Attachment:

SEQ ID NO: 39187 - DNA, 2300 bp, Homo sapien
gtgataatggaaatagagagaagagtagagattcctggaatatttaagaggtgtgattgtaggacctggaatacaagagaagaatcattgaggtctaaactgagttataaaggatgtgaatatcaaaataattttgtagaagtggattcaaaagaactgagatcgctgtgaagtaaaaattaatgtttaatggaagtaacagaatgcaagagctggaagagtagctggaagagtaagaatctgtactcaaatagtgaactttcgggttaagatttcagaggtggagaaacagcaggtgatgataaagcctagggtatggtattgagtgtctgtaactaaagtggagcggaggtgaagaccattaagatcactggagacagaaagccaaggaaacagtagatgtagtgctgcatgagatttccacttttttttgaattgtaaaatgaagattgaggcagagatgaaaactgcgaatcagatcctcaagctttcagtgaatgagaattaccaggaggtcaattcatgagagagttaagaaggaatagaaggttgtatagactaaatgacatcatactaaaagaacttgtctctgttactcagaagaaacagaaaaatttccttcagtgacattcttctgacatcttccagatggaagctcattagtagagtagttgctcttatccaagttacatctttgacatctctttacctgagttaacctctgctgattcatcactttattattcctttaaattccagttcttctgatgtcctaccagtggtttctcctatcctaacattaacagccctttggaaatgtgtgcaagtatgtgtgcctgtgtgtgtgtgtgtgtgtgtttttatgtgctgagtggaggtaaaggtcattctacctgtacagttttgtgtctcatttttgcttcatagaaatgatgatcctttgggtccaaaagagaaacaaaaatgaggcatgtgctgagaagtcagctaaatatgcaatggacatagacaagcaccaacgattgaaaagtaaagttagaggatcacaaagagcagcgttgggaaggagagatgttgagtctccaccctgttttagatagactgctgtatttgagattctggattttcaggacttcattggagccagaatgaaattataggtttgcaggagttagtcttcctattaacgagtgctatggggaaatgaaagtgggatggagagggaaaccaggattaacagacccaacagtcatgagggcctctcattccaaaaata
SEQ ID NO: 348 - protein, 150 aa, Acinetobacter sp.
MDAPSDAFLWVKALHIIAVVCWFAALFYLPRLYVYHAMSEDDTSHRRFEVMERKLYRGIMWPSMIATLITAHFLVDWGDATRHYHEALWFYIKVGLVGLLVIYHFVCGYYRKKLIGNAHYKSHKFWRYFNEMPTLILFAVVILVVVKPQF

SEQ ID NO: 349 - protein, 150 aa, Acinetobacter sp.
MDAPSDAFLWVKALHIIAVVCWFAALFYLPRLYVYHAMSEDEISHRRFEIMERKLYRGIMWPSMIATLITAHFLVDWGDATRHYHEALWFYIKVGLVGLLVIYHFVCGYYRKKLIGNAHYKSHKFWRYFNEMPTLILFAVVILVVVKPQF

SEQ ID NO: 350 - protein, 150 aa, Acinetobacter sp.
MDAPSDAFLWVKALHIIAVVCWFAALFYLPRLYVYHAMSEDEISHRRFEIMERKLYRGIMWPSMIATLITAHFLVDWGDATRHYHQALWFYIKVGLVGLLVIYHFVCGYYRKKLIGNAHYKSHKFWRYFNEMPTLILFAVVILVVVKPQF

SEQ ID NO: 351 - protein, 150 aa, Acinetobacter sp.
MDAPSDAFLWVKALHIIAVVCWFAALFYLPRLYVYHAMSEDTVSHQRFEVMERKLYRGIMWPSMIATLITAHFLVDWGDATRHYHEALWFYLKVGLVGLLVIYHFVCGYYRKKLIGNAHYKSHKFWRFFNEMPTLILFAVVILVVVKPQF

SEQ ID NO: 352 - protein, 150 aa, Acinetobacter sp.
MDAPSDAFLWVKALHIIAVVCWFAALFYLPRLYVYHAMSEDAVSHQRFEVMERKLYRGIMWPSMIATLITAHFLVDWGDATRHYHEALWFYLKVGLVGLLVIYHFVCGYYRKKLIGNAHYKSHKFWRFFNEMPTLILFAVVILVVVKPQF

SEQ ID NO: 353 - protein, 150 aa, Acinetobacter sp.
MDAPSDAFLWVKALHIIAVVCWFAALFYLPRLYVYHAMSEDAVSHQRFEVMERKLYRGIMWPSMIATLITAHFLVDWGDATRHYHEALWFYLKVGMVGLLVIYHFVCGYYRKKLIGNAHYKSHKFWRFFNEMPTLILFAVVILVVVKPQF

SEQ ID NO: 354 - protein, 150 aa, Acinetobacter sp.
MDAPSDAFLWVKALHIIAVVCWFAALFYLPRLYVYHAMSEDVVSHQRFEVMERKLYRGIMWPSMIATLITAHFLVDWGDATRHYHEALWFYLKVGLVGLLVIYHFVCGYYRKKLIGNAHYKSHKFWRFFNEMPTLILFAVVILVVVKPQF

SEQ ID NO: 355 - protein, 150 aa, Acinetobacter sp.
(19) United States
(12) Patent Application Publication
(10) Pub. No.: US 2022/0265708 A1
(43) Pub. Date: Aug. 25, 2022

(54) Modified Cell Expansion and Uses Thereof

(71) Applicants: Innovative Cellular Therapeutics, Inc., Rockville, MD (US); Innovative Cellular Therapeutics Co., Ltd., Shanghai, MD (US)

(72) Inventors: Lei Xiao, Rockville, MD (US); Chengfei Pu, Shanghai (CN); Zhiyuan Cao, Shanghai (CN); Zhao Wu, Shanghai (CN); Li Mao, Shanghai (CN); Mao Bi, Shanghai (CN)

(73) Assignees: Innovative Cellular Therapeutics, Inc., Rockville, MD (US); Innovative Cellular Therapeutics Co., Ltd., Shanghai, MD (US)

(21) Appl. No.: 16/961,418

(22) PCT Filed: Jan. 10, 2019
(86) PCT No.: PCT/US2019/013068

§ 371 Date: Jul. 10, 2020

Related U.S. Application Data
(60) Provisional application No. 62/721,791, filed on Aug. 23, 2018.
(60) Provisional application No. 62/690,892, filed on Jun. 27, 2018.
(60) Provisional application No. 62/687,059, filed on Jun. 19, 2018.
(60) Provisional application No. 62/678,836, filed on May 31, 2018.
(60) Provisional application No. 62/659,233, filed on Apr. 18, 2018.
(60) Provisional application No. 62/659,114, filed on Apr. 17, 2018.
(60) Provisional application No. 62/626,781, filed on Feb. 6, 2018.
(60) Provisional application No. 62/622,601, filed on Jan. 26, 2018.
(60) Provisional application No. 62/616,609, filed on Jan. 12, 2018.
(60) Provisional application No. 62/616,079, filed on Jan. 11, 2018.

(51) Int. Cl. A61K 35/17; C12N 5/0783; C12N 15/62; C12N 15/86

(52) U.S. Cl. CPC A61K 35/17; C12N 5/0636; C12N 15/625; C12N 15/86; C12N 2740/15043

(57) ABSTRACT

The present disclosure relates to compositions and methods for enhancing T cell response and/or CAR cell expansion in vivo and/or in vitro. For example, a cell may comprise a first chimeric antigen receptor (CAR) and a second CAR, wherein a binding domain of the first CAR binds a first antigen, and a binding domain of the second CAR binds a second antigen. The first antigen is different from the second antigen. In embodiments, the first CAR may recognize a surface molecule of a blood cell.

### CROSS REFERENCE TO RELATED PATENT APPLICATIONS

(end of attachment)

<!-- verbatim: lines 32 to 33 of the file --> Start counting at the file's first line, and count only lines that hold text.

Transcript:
(60) Provisional application No. 62/690,892, filed on Jun. 27, 2018.
(60) Provisional application No. 62/687,059, filed on Jun. 19, 2018.